Thursday, April 28, 2011

Reviewing the Adventist Review

April 14, 2011
Vol. 188, No.11

Dan Appel has written an MUST READ essay on suicide, Allan R. Handysides and Peter N. Landless provide an informative prescription for constipation, Sandra Blackmer has contributed an informational piece on the importance of forests, and Karen Brown has written a lovely reflection on what it means to live with a caring God.

This issue also highlights the schizophrenic messages of the official Adventist Church. My comment follows the reviews.

Accountability in administration was stressed by General Conference President, Ted Wilson, during the April 10 Spring Meeting Session.

The Adventist Church has intensified its earthquake and tsunami relief effort in Japan.

Randall Wisbey, President of La Sierra University vows not to "ensure that all biology students discuss key documents relating to our Adventist belief regarding origins including Fundamental Belief 6 and the 2004 Annual Council Reaffirmation of Creation, and Genesis 1 and 2." This is one of 14 measures adopted in the attempt to satisfy the requirements of the Adventist Accrediting Association.

On March 14, J. Wayne McFarland, the Adventist Doctor who’s Five-Day Plan helped millions quit smoking, died in Loma Linda, California. He was 97.

PASSING THE POISON is a Bill Knott editorial about what happens when members engage in “rumormongering that fastens on first one and then another church institution, leader, or pastor”.

INSTRUMENT-RATED CHRISTIANS by Gina Wahlen is a reminder that
you will touch down on your intended runway, in spite of stormy weather, if you rely on “God’s trustworthy instrument—the Bible”.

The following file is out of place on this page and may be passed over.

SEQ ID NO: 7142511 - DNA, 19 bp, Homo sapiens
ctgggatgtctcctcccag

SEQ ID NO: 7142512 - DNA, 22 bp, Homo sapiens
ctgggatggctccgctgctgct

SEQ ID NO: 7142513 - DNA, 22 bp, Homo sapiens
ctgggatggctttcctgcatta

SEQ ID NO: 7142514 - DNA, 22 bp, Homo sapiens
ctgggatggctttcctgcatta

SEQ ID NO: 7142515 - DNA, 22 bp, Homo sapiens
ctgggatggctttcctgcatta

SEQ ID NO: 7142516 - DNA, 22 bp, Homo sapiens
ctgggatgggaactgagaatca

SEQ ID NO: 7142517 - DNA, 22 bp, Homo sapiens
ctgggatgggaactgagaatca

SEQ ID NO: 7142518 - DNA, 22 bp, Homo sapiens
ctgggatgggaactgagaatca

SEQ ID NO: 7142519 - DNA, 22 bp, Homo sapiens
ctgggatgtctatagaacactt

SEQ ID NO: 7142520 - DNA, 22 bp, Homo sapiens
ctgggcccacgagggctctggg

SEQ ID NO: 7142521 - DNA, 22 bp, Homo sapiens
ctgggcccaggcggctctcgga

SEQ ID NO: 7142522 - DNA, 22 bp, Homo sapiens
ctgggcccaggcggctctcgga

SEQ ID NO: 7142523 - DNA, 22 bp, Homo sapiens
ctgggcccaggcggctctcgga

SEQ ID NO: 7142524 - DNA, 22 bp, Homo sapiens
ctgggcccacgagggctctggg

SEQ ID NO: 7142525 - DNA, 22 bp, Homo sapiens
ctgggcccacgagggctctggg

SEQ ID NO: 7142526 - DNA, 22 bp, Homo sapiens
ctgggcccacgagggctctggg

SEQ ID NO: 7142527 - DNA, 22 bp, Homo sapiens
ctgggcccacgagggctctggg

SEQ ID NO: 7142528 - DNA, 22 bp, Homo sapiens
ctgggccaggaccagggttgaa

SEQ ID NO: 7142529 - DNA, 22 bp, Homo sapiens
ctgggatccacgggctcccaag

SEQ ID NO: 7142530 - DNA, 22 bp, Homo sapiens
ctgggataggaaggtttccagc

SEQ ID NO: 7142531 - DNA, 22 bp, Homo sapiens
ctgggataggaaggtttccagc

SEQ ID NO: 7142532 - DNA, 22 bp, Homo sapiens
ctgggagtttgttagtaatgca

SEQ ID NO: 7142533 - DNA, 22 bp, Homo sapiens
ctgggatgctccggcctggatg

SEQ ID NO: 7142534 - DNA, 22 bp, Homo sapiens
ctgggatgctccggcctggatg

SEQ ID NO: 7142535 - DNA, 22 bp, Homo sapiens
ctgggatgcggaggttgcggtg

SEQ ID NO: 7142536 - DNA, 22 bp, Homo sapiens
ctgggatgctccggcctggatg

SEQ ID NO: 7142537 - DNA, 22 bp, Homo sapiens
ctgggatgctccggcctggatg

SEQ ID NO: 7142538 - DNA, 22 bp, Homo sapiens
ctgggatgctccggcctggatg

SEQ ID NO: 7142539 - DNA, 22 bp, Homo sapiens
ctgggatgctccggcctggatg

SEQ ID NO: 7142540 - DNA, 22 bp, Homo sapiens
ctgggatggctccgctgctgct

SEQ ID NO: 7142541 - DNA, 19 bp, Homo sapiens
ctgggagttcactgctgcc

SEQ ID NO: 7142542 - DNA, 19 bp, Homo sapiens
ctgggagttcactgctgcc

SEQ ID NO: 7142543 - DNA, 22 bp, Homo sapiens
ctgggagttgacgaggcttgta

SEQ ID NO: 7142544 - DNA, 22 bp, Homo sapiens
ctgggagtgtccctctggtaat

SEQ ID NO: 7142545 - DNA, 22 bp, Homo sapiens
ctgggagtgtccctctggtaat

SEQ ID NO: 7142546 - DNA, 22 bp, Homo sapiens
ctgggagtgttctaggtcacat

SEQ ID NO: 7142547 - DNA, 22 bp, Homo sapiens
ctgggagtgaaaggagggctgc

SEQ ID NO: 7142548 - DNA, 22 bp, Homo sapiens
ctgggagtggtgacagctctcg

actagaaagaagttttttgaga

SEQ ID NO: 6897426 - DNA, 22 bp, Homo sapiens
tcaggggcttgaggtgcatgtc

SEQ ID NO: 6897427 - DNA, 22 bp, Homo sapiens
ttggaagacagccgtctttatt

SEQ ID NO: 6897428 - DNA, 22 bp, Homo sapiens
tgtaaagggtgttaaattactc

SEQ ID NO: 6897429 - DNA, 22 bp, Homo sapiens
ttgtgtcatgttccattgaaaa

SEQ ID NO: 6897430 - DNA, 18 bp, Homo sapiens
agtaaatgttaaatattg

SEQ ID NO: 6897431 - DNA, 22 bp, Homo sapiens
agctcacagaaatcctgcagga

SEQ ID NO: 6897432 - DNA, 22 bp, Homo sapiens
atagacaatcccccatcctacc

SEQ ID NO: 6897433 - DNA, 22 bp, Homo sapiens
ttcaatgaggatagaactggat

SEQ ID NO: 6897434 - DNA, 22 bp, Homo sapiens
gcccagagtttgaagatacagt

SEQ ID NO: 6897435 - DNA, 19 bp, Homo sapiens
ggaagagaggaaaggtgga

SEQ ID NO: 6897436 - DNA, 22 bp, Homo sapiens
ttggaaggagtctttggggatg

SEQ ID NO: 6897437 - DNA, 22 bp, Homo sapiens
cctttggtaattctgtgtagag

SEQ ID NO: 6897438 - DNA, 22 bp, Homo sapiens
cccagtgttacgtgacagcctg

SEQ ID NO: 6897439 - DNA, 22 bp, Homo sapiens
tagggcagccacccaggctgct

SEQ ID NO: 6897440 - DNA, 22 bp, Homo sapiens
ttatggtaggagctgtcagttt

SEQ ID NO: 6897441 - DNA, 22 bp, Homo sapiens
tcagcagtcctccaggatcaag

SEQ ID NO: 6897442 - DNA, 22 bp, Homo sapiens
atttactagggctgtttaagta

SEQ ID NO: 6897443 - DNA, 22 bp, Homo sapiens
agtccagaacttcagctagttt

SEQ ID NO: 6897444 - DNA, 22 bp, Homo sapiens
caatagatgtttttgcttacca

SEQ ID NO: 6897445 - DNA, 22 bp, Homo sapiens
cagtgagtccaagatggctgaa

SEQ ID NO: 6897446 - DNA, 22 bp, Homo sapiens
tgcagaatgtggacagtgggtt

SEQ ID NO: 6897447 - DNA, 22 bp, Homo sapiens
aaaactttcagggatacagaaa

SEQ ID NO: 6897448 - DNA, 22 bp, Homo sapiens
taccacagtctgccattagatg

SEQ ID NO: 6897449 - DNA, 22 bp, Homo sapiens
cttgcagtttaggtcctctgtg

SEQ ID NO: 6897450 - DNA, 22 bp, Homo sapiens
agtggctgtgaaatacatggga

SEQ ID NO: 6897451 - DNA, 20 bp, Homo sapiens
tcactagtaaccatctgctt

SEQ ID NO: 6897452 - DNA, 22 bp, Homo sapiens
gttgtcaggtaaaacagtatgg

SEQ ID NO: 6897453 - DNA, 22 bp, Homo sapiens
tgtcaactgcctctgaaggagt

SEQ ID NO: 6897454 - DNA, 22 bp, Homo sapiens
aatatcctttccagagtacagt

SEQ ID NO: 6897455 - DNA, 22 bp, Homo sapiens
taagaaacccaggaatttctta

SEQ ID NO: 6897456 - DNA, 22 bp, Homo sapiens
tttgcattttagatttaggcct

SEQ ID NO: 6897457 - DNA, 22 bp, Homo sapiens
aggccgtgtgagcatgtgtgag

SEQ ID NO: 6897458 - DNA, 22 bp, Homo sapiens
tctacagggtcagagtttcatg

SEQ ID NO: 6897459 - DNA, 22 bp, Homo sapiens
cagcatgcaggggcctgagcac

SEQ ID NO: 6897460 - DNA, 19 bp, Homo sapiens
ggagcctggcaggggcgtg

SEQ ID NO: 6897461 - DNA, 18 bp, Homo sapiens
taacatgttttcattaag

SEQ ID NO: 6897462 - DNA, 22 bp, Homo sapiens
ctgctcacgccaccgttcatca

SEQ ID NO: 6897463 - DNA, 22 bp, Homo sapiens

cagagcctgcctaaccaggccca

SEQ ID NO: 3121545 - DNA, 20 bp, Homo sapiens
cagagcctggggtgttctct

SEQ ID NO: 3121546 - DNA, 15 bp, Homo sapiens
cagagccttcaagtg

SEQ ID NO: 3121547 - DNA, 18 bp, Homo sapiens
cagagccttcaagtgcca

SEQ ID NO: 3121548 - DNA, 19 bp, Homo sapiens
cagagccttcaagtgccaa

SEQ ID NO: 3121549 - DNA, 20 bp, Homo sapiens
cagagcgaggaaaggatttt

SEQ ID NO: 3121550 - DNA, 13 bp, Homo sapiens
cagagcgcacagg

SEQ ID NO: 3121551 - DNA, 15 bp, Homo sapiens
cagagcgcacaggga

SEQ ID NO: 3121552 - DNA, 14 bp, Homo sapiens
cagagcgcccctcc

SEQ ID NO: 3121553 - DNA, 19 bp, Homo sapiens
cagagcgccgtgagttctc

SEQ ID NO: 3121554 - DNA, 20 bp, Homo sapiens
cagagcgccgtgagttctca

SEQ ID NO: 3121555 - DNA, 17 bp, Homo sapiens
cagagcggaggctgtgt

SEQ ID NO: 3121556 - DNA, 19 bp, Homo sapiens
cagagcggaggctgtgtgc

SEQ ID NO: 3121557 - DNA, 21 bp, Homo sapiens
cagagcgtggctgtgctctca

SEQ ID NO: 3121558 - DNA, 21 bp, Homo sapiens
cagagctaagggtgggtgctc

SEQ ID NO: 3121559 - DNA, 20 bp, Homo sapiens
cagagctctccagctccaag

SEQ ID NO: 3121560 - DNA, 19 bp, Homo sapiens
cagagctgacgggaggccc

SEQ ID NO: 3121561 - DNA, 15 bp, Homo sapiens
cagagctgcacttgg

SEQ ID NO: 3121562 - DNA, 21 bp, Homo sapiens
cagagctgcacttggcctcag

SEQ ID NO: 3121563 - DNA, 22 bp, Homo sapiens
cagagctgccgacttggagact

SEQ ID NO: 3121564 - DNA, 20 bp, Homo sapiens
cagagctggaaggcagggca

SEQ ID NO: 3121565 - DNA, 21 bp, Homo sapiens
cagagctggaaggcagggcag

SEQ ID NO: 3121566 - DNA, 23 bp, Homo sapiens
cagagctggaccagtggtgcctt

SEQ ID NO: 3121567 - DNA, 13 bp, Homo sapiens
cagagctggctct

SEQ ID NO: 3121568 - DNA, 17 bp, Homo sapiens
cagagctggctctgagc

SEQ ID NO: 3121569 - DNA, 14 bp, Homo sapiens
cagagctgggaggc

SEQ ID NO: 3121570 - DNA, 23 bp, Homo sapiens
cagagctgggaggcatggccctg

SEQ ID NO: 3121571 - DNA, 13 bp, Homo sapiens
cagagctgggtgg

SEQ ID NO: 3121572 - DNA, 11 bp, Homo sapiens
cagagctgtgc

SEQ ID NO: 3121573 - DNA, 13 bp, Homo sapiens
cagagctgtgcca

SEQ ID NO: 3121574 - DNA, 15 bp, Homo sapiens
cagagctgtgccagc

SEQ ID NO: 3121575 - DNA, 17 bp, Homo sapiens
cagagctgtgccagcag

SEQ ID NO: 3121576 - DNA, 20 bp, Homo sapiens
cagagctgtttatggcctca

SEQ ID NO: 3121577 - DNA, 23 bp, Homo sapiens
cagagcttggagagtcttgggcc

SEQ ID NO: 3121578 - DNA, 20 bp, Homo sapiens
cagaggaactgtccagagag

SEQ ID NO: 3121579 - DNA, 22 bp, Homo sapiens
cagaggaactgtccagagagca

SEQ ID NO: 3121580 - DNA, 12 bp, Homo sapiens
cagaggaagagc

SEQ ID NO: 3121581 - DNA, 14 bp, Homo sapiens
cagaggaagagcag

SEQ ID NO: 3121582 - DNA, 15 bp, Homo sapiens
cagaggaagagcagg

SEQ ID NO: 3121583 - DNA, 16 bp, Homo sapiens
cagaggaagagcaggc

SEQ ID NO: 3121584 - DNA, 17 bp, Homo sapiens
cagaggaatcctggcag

Fred Chileshe makes some unusual claims.

“Christ is the foundation of every doctrine we hold, whether it is the Sabbath, the state of the dead, health practices, or the prophecies of Daniel and Revelation.”

“A good Bible student should be able to preach the gospel even from a seemingly dull Bible book such as Leviticus. These types of books may have different approaches, but they all contain the gospel.”

CONSTIPATION is a common problem, particularly with us older folks. Allan R. Handysides and Peter N. Landless can be trusted to provide relief.

LOST AND FOUND by Dixil Rodriguez reflects on the surprising ways we can be “found” by old friends and acquaintances on the Internet. For her it’s “like a big cosmic sign shouting to our hardened ears: ‘I found you, and I want to contact you; send Me an e-mail. Here is my address: Calvary.’ Signed, Jesus.”

REACHING THE UNREACHED by John Baxter reports the challenges faced by the Adventist Church.

“In Matthew 24 and other places in Scripture we read about all sorts of signs that will be seen before the second advent of Jesus. So when we look around today, what do we see? We see those same signs: wars, famines, selfishness, violence, sexual promiscuity, earthquakes, addictions, and others.”

“All these are signs of the times—signs of our times. Most are signs that Jesus said we should expect just prior to His second advent. Yet there is one sign—the sharing of the good news of salvation—that we can help to fulfill: ‘And this gospel of the kingdom will be preached in all the world as a witness to all the nations, and then the end will come” (Matt. 24:14, NKJV).’”

However, according to Baxter, the vast majority of 4.4 billion people—“almost two thirds of the world’s population—are unevangelized. More than 2 billion people worldwide have not had the opportunity to hear the gospel message”.

“This is a paradox for the church. The ‘groaning’ of the earth and the accompanying signs boldly proclaim the nearness of the coming of Jesus. Yet there are still literally billions of people who have not yet had an opportunity to hear the everlasting gospel. Jesus said these people must have a chance to hear before He returns.” But “out of every dollar of Christian mission offerings, only one half of one percent goes toward reaching the unreached”.